(3) Why is there a reference to "squint lines" that MEN get?

 

LIFT NOTE:

(1) Impossible to read. Should be re-written in legible hand.

(2) Should be edited to allow for bigger handwriting.

(3) I’d take the liberty of deleting Store Hours and other extraneous information from Traci’s letterhead. Too busy.

(4) Change color screen to something more cheery than gray. Use a warm color. Pink always works well, or light lavender.

 

SALES LETTER:

(1) Ideally, this should be personalized.

(2) Is there a reason why the subhead states "Dr. Kathy Santoriello is licensed to practice medicine and resides in the state of North Carolina"??? This is a real STOPPER and makes me question the authenticity of the letter, as does the "GO TO PG. 2, etc." footnotes. A doctor might say (cont’d.) or (over,please), or (continue on other side) but not GO TO PG. 2.

(3) I would never use all upper case type on a letter, nor would I use the typeface used in this promotion. It doesn’t look real, professional or worthy of consideration. I wouldn’t go to a doctor who wrote in ALL CAPS. Nor would I believe what they have to say. It’s the typographic equivalent of "shouting".

(4) I also have learned NEVER to begin a sales letter with a "yes" or "no" question. If they say "no", the promotion ends right there!!!

(5) Being "paid" for helping participate in a study is not clarified and brings confusion in right up front. I’d state that we’ll reward you with free gifts for participating – gifts valued up to $70.00

(6) I would not promote the "Be on TV" aspect. Women who used to be fat don’t necessarily want national TV exposure for their embarrassment. I’d rather take the opposite approach – we don’t advertise on TV to keep our promotional costs down and pass the savings on to you. We prefer having a doctor write to you about this incredible MIRACLE OF WEIGHT CONTROL!

(7) I would keep the letter at 4 pages. I don’t believe doctors have time to write 6-page letters. If they do, they must not be good doctors. I’d incorporate some of the anecdotal testimonials into the doctor’s letter. THIS LETTER ALSO NEEDS AN FDA DISCLAIMER.

(8) I would have much stronger benefit copy in the P.S., and perhaps use it to bring in an 800# for ordering. When people make a life-changing decision, they want to take action right away. An inbound toll-free number would be good here.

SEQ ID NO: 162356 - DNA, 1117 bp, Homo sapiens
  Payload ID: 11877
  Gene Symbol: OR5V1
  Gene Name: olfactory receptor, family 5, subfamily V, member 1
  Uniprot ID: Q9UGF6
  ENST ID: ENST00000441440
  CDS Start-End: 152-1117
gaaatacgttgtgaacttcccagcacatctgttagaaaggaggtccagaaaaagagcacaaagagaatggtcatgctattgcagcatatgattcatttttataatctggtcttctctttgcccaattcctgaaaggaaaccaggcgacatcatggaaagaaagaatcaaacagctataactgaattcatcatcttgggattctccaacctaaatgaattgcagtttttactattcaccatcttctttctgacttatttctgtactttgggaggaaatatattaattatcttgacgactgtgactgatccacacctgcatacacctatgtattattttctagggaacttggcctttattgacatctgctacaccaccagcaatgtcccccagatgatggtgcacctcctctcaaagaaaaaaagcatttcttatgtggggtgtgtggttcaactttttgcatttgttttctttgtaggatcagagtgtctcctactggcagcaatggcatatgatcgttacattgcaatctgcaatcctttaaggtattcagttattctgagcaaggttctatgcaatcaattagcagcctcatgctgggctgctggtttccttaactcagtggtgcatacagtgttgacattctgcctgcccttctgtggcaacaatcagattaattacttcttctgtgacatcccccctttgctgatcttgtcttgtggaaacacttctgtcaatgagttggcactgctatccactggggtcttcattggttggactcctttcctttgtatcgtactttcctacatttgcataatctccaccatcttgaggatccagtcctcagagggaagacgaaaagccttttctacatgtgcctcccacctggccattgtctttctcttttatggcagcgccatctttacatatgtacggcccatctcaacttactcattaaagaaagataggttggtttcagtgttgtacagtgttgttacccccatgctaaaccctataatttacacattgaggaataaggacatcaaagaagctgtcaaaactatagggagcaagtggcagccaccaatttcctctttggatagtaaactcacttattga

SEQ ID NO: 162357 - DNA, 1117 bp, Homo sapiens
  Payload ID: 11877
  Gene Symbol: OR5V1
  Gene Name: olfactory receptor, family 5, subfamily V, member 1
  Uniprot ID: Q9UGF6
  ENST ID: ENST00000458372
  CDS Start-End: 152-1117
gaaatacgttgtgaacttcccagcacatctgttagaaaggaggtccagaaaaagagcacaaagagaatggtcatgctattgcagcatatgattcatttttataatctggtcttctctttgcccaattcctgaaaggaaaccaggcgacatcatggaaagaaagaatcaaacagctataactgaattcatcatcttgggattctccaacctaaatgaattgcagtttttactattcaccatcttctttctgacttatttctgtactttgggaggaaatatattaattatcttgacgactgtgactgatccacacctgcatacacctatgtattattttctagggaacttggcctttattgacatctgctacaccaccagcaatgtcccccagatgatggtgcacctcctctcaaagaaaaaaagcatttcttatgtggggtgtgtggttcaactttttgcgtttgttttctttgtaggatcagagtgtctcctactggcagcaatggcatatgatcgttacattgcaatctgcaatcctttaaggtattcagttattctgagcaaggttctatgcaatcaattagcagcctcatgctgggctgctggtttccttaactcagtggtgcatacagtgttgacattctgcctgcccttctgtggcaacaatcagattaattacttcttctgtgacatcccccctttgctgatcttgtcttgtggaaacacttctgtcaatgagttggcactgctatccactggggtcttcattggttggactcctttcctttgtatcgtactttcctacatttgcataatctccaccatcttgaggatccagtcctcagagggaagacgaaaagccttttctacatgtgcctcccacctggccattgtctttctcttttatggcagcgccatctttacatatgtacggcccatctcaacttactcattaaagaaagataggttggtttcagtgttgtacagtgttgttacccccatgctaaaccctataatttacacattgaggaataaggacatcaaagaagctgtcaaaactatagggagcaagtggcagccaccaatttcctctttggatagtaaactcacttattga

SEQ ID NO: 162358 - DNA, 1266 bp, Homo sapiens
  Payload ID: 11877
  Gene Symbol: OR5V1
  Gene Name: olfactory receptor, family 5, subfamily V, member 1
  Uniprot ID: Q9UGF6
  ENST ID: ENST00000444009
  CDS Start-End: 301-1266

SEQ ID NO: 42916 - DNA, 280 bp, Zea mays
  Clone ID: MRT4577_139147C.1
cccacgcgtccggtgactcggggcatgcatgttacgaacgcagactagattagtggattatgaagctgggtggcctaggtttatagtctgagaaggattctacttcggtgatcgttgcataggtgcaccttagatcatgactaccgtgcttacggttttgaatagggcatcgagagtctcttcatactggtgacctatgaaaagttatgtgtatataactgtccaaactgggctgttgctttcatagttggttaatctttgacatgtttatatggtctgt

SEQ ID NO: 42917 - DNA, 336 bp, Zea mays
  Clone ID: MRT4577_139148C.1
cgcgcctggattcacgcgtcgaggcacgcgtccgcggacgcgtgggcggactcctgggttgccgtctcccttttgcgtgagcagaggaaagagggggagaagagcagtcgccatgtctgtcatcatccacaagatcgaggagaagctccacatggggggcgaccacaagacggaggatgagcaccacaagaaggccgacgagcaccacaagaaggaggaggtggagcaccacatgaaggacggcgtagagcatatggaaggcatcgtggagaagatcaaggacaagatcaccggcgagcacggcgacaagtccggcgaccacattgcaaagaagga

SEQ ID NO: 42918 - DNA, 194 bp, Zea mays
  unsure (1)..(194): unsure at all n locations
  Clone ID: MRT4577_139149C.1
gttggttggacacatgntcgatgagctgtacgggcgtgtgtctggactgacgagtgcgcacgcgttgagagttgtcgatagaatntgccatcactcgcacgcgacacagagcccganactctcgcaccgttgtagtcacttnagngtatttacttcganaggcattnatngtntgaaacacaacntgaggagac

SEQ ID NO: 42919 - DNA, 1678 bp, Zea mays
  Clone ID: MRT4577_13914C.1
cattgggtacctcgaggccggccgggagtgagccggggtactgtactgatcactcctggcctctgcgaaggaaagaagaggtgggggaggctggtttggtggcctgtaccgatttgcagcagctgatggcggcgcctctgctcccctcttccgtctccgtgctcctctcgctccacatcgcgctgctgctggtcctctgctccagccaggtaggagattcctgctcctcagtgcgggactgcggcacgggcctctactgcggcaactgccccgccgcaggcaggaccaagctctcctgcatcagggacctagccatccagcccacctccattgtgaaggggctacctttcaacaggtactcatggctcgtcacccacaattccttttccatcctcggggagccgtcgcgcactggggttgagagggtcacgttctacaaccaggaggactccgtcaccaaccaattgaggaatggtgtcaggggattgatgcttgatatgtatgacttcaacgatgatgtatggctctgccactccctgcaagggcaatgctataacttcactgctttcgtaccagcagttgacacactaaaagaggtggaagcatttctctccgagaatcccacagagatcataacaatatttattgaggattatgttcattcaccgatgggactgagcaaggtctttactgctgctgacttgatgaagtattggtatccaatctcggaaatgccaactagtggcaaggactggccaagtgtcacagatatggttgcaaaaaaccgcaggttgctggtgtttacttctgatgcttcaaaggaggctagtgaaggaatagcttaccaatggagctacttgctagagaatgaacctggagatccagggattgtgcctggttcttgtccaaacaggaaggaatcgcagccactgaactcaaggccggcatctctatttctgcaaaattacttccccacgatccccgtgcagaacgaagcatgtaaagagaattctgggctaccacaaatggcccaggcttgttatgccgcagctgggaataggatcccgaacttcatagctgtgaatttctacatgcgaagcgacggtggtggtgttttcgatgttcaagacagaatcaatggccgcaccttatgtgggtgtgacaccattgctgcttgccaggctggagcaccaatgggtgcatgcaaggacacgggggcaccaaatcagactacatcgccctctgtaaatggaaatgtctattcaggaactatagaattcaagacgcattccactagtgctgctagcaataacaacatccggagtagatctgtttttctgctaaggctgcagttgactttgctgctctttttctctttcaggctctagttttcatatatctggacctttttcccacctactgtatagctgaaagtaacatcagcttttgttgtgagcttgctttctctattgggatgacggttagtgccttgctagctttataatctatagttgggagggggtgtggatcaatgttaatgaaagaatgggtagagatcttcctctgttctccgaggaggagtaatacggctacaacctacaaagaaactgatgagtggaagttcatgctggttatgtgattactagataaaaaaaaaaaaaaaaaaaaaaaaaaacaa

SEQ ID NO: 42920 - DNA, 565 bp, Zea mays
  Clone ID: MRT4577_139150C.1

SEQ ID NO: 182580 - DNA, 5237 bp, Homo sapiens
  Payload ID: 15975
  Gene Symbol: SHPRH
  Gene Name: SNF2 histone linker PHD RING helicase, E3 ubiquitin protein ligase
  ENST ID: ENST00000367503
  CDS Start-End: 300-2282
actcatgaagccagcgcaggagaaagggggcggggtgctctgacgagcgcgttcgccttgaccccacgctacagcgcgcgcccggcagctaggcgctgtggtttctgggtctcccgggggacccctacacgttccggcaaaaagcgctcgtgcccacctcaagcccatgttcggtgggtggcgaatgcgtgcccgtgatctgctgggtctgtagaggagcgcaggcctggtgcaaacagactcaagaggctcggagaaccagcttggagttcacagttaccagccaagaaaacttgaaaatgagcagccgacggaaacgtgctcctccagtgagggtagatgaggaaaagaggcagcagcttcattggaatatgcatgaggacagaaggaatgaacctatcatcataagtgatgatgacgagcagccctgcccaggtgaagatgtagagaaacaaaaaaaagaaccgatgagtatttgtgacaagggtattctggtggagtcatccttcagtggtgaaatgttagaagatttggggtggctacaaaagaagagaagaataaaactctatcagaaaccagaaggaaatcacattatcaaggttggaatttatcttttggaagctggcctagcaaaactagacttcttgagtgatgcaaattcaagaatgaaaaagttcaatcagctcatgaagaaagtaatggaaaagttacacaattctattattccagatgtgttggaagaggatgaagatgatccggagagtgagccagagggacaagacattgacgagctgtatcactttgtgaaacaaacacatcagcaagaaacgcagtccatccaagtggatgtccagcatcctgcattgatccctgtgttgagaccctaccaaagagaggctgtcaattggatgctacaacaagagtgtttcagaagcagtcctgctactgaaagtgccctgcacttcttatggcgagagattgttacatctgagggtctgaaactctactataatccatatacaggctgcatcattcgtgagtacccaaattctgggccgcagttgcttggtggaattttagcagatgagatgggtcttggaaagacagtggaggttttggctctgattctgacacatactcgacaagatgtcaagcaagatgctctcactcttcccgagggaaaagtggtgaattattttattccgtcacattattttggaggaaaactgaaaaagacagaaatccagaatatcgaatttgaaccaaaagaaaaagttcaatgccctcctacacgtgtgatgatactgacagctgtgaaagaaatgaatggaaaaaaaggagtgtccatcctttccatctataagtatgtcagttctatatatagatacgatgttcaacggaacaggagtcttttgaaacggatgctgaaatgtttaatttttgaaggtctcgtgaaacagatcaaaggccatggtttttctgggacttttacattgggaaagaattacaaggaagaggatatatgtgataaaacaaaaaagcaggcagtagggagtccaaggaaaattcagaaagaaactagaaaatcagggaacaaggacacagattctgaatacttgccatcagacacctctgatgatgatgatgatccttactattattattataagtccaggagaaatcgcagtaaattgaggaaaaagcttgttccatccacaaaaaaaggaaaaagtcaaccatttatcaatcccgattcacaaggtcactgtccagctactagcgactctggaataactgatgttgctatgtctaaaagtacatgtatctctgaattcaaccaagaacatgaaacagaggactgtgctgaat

BROCHURE:

(1) The cover graphic design is weak. The headline should scream out:

"I lost 75 pounds in just months...and you can too!"

(2) The triangle burst in the upper left corner does not pop at all, and assumes I know all about NuSource. I don’t, if this is the first piece I read, which it often is. Why not pop out boldly $70.00 IN FREE GIFTS JUST FOR TRYING E-Z TRIM!

(3) I question the reference to the parent company on the front panel. First of all, it makes me wonder why you put it there. I would move the photo of Dr. Santiorello (and get a more medical looking photo) and the comparison of E-Z Trim to Traditional Dieting on the front cover and move reference to the company to the back panel, again calling in GMC instead of General Merchandise Corporation. I don’t buy nutriceuticals from a knick-knack company.

(4) This entire brochure tells me far more about the Premium than the Product. While Thermo-Slim seems to have an overdose of testimonials, this brochure doesn’t play them up enough. And the word "Eloquent" is weak (and few people really know what it means). THESE POWERFUL TESTIMONIALS SHOULD CONVINCE YOU THAT E-Z TRIM WORKS! That’s what grabs me by the collar and says "buy me".

(5) The whole layout and choice of colors makes me NOT want to read this brochure.

(6) The narrative style of this brochure, with Kari’s story, seems more suited to a letter than a brochure. Perhaps consider having Kari author the letter and the doctor author the brochure, or at least skip back and forth between Kari’s narrative and scientific verbiage referring back to Kari’s comments.

(7) Could also use some charts, graphs and even some bibliography or reference list.

(8) The brochure, too, needs an FDA DISCLAIMER and an Extraordinary Results disclaimer (Your results may vary....etc.)

(9) I am not a firm believer in going into too much detail on ingredients. The mystery of a "magic bullet" always helps the sale, and "serial dieters" are very aware of the common diet ingredients, like Chitosan, Chromium Piccolinate, Guar Gum, Apple Pectin, B6, Psyllium Husk, etc., but I do think you need to discuss how the interaction of the ingredients accelerates weight loss – perhaps even do a call-out box on "Thermogenesis".

(10) Since the brochure talks about cousins getting slim together, it is the natural place for a pass-along order form and the 800# we discussed as part of the P.S.